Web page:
Three car bombs struck the heart of Baghdad yesterday, killing four people, in the fourth wave of coordinated attacks in as many months, days after top ministers were quizzed in parliament over security.
Fourteen people were wounded in the blasts, which came in quick succession during the height of the morning rush hour, an interior ministry official said.
The first bomb exploded in a car park opposite the Iranian embassy around 7:30am, the second minutes later near the foreign ministry and the third soon after in a car park by the ministry for emigrants and displaced persons.
“Dear God, how on earth do the police and soldiers let these booby-trapped vehicles through,” said Um Ali, whose son Maki, 28, works in the car park hit by the third bomb and who was seriously wounded in the blast.
“A man left his car this morning and headed off almost at a run. When my son approached the vehicle, it blew up,” she said, crumpled on the pavement.
Baraa al-Saraj, 26, who works inside the nearby Green Zone, the highly protected compound which houses the US and British embassies as well as government offices, said the bomb was clearly targeted at civil servants.
“Generally, it’s staff of the defense and emigres ministries who park here,” he said.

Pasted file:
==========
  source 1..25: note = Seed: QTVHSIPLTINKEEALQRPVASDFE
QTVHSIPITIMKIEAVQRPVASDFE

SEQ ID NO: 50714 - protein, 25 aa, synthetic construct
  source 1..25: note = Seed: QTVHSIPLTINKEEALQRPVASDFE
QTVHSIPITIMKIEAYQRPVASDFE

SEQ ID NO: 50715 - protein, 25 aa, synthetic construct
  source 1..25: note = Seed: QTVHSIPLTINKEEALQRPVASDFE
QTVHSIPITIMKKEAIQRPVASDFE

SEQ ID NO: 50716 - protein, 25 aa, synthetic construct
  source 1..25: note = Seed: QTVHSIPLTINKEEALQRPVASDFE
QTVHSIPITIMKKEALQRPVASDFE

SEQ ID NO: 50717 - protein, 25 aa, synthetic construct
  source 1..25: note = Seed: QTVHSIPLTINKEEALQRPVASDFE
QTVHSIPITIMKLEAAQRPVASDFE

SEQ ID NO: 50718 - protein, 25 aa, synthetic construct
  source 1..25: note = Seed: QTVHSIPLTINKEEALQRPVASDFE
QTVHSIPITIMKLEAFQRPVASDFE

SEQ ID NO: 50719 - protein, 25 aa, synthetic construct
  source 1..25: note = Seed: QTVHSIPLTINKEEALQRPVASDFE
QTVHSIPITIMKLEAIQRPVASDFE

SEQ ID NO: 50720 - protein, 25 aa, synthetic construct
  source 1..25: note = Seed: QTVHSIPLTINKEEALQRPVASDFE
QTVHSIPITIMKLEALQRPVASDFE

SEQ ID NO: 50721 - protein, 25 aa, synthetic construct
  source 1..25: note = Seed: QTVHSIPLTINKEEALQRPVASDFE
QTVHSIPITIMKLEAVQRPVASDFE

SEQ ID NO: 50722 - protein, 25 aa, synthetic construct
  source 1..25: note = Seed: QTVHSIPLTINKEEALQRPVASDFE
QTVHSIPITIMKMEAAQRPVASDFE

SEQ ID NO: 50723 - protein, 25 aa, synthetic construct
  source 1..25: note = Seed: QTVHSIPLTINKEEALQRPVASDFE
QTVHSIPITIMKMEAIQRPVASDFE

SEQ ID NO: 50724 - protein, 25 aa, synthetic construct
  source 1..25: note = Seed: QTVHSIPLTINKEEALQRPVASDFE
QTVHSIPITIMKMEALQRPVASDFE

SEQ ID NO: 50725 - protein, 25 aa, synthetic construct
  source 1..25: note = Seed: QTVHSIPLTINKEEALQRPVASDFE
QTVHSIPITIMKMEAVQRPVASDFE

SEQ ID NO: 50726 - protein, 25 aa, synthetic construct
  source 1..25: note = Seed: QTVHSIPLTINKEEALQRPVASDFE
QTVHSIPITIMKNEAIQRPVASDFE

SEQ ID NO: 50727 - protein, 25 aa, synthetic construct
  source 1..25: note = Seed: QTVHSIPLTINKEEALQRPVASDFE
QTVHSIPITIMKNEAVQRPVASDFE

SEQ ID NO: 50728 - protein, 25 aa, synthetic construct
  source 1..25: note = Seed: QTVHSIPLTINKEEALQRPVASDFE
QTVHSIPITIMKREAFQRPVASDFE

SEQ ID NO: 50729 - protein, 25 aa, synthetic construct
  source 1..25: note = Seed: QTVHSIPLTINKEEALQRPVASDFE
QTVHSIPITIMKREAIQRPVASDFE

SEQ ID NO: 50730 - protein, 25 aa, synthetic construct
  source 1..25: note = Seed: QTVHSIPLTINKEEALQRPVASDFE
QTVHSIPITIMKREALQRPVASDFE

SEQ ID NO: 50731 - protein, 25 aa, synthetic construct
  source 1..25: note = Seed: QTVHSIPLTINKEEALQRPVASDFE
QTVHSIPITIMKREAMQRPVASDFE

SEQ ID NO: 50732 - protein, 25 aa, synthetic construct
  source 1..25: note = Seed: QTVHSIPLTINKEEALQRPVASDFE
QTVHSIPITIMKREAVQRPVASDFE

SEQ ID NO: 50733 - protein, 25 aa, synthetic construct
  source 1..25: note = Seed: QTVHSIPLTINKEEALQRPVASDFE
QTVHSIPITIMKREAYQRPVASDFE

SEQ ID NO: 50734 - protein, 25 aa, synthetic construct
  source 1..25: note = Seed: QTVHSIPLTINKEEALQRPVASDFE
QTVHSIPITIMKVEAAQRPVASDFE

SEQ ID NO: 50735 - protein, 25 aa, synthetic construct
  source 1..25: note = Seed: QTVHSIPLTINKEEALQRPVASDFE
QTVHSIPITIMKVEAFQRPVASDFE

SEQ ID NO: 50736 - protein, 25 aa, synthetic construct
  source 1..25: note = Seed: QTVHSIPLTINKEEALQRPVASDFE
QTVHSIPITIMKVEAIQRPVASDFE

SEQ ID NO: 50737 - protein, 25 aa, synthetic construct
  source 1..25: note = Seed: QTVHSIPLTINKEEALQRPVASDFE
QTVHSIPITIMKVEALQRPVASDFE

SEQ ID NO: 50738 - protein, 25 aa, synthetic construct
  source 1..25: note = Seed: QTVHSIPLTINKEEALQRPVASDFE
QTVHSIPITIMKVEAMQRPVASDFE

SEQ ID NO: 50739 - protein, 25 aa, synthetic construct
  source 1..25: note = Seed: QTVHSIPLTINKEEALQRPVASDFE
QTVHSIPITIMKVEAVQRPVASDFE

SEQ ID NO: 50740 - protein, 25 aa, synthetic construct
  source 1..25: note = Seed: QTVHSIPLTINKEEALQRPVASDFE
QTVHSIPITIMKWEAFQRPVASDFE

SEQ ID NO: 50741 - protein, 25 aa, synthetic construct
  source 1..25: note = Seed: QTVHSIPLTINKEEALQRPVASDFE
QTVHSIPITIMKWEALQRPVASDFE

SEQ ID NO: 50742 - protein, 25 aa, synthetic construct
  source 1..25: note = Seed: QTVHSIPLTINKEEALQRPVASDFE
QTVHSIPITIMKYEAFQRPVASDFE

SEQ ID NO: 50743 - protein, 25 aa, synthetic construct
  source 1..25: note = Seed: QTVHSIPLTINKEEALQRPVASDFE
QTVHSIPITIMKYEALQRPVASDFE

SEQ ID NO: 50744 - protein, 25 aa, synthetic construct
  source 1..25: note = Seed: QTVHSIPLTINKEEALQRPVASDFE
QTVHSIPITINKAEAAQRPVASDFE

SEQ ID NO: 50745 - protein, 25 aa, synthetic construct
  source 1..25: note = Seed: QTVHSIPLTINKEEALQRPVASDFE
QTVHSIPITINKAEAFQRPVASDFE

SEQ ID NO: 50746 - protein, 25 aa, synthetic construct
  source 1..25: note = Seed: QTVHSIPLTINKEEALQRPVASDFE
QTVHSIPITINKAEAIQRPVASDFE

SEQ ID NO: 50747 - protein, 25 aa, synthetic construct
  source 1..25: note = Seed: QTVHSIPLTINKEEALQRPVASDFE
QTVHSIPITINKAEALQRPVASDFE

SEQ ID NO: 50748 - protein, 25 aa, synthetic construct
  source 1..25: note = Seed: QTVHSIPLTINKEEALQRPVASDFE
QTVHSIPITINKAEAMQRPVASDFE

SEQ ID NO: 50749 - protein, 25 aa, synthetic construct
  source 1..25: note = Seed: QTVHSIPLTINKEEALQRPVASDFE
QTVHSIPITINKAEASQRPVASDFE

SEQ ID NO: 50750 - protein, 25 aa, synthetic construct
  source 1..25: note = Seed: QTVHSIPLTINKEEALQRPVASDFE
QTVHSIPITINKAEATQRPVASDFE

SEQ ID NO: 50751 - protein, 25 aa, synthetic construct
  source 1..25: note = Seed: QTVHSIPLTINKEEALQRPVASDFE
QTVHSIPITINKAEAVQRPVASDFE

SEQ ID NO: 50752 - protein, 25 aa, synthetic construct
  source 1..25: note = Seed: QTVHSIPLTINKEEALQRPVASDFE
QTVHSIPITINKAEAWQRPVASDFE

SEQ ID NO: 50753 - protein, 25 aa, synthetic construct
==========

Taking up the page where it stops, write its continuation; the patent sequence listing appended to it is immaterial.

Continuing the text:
Police sappers were able to defuse a fourth booby-trapped vehicle left near a checkpoint on a road leading into the Green Zone.
“We found three anti-tank mines and four makeshift bombs inside concealed under the seats and in the doors,” a police major general at the scene, declining to give his name.
“It’s a red van of 2009 vintage registered in Baghdad in the name of one Ali Sahib,” the police officer said without elaborating on whether the vehicle had been reported stolen.
It was the fourth time since August that bombers had succeeded in attacking official buildings in the Iraqi capital despite the security measures in place.
On Aug. 19 a double suicide attack against the foreign and finance ministries killed 106 people and wounded some 600.
On Oct. 25 it was the turn of the justice ministry and a provincial office, with the blasts killing 153 people and wounding more than 500.
And on Dec. 8 five attacks in Baghdad killed 127 and wounded 448.
Yesterday’s blasts came just days after MPs grilled government ministers and other top security officials over the repeated breaches in several days of hearings.
Iraqi Prime Minister Nouri al-Maliki himself appeared before parliament last week. MPs criticized the lack of coordination between different ministries but the prime minister blamed MPs for not approving more funds.
The commander of US forces in Iraq, General Ray Odierno, predicted a rise in the number of attacks ahead of parliamentary elections scheduled for March 7.
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